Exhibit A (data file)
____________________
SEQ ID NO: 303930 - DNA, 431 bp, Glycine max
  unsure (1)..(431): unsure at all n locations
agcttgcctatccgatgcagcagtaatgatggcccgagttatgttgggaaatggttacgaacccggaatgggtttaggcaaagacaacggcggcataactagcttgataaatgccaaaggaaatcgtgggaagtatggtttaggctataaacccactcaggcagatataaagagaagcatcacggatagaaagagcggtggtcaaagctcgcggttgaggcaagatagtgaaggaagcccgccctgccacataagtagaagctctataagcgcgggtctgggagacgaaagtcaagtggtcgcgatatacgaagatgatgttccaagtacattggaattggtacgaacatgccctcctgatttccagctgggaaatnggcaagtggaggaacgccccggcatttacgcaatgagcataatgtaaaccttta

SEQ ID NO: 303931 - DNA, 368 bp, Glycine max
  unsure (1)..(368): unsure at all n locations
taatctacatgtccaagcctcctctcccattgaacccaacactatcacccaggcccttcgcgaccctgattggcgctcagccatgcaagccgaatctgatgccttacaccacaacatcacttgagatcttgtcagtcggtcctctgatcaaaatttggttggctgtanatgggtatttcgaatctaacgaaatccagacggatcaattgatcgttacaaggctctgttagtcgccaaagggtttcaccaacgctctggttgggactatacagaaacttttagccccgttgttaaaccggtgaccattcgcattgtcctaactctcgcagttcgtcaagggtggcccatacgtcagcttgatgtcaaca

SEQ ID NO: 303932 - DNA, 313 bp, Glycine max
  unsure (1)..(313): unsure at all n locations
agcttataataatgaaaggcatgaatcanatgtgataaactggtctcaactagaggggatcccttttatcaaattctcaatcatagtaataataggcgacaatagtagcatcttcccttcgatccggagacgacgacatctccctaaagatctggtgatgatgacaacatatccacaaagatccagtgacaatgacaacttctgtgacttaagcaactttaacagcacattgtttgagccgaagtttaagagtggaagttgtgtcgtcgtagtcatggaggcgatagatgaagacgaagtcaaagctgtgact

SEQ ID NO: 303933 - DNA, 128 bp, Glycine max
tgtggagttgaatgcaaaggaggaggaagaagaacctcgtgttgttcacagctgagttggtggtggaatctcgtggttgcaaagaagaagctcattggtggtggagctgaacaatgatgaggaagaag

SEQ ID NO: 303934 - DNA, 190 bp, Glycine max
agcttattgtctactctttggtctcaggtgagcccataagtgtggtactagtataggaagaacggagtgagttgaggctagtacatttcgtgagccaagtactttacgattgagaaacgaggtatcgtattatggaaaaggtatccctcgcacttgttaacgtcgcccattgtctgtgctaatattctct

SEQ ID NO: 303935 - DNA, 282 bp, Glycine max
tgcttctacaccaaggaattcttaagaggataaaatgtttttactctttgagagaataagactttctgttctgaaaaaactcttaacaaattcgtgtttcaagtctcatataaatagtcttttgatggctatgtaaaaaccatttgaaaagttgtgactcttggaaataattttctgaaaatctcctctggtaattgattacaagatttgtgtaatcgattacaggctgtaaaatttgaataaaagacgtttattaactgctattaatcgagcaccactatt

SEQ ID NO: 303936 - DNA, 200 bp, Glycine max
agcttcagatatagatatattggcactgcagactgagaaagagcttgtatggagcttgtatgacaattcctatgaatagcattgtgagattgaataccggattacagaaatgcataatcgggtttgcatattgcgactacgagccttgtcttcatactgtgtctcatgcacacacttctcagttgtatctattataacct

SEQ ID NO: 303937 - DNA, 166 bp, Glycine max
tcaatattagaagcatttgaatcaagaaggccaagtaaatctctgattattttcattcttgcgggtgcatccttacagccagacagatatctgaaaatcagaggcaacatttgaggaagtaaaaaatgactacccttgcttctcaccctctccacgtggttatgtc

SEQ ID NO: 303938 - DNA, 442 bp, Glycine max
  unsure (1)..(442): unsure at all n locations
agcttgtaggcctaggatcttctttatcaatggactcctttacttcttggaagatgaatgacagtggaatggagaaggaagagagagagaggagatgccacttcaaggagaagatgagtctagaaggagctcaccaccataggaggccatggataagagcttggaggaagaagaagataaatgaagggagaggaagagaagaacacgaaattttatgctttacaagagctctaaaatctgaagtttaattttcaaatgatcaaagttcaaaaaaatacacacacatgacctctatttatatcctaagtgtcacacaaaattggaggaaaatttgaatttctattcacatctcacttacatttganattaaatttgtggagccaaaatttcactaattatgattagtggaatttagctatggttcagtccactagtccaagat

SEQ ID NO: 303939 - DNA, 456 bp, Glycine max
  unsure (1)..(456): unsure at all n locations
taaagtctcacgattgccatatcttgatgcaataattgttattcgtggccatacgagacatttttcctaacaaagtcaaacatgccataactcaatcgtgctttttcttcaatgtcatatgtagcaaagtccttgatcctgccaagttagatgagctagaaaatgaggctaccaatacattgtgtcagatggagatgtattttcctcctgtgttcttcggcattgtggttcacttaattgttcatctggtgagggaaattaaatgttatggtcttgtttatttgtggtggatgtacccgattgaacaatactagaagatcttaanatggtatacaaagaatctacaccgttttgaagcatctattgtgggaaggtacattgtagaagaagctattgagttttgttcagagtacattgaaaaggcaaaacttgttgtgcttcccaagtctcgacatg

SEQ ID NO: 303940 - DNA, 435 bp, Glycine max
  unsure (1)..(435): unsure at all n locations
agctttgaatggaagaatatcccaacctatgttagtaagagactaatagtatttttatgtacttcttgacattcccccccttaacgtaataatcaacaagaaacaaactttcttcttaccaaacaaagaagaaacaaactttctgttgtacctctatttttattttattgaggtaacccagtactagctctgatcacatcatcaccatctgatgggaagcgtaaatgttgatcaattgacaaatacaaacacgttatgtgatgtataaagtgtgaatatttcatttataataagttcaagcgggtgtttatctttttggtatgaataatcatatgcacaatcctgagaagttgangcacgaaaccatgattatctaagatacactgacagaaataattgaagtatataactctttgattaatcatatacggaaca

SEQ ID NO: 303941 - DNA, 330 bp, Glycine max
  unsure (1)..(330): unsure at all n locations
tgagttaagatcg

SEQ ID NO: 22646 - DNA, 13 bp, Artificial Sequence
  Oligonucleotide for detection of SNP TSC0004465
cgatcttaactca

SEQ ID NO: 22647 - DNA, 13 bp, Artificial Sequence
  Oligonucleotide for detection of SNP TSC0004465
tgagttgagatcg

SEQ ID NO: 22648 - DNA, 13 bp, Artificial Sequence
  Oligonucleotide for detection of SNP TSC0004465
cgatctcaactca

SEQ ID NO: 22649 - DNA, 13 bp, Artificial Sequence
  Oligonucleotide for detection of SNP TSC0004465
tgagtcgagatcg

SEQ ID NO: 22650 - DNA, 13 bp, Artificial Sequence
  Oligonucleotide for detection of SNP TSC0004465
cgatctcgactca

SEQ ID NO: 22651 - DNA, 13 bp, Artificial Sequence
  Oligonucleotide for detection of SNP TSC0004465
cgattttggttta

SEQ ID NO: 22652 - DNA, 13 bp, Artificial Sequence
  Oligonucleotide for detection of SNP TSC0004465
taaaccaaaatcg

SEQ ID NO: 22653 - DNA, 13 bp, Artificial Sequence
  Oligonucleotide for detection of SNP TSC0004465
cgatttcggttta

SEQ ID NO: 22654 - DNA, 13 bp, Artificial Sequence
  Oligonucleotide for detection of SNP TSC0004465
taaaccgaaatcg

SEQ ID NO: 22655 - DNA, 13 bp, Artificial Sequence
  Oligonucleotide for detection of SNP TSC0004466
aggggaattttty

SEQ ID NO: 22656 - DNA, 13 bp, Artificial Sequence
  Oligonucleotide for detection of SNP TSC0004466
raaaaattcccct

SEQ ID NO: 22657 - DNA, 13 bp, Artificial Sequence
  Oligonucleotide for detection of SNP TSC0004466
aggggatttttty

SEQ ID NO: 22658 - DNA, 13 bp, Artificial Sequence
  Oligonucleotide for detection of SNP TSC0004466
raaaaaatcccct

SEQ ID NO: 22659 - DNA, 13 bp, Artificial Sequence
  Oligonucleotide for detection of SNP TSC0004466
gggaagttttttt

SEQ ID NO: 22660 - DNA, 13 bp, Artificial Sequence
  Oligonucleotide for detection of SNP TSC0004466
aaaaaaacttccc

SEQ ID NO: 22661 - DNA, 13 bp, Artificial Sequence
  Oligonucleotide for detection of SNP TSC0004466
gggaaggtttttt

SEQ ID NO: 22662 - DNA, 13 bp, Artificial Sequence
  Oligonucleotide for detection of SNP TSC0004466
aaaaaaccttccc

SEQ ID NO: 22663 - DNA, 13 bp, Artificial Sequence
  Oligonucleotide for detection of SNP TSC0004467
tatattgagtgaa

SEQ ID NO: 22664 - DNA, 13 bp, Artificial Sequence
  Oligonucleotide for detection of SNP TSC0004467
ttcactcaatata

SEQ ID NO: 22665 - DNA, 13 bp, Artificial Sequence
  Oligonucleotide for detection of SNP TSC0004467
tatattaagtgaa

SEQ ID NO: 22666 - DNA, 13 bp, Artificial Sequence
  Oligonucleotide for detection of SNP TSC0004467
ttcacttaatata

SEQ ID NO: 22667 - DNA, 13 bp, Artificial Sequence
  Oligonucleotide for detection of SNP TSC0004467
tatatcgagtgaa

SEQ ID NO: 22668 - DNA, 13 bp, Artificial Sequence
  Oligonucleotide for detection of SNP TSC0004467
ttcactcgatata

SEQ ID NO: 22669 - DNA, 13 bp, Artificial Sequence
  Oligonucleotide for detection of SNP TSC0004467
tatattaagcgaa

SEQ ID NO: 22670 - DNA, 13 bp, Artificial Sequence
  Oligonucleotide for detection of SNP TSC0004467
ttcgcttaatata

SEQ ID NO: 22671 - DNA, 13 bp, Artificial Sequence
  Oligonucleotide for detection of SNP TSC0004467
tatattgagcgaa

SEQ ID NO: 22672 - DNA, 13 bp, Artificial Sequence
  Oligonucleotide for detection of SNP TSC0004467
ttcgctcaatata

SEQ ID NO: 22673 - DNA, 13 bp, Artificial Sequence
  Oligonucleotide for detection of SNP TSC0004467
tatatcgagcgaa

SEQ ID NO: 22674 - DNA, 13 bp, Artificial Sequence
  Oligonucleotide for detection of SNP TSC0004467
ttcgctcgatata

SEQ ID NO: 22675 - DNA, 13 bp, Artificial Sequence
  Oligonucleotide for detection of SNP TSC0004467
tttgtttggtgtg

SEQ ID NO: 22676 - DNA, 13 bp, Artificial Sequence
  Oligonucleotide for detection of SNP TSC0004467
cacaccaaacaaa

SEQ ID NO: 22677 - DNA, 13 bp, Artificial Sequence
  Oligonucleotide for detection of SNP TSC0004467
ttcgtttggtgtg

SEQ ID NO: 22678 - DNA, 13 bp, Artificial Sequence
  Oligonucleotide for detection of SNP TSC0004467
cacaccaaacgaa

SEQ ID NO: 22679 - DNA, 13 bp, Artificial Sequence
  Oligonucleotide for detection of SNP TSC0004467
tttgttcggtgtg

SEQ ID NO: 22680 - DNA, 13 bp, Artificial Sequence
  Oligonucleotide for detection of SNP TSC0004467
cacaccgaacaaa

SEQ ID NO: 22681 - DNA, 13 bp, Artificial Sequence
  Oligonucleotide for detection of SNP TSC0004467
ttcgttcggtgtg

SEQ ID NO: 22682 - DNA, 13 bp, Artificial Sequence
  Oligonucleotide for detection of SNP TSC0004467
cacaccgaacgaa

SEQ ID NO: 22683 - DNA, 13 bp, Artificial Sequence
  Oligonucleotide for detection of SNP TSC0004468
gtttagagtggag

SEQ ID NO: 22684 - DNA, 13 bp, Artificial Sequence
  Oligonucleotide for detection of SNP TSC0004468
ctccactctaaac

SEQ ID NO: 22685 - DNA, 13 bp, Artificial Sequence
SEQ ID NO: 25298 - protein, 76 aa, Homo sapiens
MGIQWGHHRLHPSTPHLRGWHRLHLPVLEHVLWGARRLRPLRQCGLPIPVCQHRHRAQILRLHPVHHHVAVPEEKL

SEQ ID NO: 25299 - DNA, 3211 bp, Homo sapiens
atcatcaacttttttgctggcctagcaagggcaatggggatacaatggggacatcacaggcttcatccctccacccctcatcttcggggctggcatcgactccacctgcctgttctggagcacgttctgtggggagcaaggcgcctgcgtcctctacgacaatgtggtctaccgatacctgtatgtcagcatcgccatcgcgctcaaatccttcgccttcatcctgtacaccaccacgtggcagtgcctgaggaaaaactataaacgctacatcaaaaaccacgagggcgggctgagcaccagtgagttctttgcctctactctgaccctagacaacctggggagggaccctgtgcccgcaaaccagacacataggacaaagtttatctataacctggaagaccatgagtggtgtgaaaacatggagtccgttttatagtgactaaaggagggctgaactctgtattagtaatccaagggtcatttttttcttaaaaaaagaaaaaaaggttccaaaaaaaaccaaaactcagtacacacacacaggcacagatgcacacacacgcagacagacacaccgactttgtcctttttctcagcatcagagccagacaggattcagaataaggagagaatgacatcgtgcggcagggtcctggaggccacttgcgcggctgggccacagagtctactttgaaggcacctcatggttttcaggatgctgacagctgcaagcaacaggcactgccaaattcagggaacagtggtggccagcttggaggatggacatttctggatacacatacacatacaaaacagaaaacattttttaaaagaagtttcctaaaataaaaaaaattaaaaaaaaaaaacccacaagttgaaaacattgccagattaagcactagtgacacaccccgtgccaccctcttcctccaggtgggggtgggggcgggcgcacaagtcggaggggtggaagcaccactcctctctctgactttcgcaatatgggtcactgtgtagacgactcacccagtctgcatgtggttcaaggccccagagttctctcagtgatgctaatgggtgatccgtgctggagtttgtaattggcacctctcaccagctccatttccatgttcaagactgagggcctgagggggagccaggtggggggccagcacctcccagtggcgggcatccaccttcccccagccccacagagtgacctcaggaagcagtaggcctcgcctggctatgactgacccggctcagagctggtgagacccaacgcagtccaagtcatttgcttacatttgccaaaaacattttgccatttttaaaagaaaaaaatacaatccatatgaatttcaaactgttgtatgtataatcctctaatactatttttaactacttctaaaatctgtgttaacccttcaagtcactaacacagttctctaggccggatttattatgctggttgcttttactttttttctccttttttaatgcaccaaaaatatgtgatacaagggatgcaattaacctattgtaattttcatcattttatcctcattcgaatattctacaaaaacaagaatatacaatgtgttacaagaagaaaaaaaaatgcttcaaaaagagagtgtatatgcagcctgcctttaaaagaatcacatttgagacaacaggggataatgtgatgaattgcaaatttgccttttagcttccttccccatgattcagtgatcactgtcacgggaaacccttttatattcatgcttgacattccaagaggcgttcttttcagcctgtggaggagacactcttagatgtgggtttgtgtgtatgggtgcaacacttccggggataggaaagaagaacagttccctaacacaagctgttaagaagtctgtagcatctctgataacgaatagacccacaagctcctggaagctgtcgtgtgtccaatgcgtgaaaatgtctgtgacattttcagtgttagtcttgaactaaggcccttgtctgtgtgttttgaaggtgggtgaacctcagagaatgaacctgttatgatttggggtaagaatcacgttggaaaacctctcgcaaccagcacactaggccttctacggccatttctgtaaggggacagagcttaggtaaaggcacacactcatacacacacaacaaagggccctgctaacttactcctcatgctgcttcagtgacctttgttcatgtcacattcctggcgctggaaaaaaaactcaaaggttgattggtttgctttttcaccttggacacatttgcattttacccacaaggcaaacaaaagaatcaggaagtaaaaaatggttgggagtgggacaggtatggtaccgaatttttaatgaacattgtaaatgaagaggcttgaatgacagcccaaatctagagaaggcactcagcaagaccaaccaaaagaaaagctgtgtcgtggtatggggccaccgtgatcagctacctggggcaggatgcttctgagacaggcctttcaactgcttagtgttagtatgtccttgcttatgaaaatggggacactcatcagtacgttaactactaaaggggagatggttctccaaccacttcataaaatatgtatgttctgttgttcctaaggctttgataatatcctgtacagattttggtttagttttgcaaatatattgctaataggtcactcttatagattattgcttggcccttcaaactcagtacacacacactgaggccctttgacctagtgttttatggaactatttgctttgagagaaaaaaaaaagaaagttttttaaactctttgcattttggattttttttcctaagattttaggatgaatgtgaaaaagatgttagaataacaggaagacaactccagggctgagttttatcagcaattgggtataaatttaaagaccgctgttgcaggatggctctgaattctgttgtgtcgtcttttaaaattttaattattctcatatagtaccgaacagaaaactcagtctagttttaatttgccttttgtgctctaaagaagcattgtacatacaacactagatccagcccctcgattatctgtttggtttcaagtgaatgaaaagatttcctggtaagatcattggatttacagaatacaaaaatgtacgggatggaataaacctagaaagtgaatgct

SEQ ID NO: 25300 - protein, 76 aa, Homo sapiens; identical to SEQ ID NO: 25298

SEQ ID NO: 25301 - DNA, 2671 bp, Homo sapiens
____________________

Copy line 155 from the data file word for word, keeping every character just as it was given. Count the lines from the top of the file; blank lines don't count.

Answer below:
SEQ ID NO: 25301 - DNA, 2671 bp, Homo sapiens